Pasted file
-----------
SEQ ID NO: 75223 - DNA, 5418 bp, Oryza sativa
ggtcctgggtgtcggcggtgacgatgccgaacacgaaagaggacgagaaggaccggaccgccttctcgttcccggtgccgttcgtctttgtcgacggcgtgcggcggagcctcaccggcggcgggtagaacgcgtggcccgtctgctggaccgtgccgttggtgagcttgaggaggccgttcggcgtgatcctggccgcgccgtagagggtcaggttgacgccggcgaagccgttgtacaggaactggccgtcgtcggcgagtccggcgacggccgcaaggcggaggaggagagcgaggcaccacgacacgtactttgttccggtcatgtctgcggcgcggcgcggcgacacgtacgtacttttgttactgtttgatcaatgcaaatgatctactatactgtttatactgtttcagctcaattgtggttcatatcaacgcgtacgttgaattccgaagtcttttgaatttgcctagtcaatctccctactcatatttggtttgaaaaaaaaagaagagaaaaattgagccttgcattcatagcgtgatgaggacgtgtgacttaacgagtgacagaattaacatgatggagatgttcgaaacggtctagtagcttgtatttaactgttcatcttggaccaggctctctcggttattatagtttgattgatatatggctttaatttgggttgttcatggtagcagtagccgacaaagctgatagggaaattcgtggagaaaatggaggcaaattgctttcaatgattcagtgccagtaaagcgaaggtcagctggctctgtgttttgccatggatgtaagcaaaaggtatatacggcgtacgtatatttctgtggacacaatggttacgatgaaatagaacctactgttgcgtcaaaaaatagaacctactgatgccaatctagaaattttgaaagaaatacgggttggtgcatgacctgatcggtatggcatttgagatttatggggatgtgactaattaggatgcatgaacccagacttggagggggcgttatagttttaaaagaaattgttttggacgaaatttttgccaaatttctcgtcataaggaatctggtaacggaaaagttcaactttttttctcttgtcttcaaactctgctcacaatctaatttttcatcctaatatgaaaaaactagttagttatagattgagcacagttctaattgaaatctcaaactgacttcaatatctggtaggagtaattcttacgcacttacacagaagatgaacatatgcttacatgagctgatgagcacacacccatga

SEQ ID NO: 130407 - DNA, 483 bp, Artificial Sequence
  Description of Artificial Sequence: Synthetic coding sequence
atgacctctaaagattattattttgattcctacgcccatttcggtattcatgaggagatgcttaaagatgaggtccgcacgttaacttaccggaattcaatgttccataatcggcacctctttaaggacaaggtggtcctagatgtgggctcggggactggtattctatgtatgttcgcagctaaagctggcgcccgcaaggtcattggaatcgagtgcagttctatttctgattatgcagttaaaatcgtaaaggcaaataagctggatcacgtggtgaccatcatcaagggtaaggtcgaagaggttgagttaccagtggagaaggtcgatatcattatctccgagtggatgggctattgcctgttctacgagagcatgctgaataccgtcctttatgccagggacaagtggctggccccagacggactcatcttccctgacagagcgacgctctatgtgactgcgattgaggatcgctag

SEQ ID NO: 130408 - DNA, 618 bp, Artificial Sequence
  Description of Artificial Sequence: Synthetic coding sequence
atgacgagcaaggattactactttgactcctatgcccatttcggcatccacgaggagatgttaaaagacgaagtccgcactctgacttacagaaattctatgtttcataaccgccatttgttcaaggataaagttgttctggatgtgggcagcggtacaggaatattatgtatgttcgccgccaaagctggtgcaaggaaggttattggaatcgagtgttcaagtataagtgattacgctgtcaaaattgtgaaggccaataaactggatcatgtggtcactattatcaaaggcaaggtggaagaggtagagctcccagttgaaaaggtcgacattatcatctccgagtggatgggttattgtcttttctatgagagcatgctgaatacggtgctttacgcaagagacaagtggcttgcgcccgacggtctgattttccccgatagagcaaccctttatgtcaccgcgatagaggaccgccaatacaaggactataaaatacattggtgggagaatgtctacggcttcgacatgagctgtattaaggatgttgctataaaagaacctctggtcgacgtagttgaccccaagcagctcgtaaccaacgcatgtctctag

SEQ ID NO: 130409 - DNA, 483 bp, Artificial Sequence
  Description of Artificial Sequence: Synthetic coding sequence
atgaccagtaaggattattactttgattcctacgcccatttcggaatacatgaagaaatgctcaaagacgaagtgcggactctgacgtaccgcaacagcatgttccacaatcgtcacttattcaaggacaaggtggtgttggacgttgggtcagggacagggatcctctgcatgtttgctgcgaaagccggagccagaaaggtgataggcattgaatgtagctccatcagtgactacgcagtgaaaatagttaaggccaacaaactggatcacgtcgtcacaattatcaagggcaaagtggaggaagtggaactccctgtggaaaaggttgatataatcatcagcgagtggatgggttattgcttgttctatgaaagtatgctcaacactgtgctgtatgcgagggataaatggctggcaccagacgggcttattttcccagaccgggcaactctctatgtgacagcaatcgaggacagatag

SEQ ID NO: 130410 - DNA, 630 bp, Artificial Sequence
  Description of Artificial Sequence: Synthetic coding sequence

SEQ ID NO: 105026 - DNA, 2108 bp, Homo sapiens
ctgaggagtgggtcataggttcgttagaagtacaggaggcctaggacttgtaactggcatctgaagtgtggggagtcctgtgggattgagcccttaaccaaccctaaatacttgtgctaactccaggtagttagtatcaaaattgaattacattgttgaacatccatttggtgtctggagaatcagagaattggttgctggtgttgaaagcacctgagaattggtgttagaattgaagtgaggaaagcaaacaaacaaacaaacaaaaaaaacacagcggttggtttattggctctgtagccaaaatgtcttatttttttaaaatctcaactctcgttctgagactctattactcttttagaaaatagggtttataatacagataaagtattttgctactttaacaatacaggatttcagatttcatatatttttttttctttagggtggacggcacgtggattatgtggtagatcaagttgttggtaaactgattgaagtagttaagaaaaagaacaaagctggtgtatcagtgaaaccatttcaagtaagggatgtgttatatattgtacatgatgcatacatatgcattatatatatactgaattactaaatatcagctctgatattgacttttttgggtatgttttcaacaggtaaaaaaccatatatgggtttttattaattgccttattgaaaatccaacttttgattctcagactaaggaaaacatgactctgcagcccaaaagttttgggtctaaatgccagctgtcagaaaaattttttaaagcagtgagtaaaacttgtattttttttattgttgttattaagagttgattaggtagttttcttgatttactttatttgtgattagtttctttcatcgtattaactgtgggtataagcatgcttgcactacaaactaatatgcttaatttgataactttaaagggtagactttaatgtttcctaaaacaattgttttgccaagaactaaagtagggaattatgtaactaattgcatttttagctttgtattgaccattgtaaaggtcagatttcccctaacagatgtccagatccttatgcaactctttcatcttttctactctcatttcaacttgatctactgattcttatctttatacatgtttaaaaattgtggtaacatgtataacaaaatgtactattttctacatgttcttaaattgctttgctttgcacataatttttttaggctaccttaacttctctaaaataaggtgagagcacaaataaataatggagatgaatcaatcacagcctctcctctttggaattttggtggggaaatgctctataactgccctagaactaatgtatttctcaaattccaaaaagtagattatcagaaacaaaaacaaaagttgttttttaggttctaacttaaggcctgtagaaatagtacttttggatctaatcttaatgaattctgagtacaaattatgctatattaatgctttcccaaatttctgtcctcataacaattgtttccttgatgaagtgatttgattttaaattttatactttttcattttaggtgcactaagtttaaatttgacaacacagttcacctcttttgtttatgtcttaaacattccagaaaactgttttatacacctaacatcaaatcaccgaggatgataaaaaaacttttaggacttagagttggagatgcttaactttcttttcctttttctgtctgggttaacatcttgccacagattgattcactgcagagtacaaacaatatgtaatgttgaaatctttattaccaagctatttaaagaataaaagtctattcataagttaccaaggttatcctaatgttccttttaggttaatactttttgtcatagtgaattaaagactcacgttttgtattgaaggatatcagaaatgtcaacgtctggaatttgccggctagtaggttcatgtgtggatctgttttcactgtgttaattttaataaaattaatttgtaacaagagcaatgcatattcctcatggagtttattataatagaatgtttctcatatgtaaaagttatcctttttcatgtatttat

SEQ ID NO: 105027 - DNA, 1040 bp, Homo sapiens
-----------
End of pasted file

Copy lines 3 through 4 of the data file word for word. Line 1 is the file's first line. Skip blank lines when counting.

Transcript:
SEQ ID NO: 130407 - DNA, 483 bp, Artificial Sequence
  Description of Artificial Sequence: Synthetic coding sequence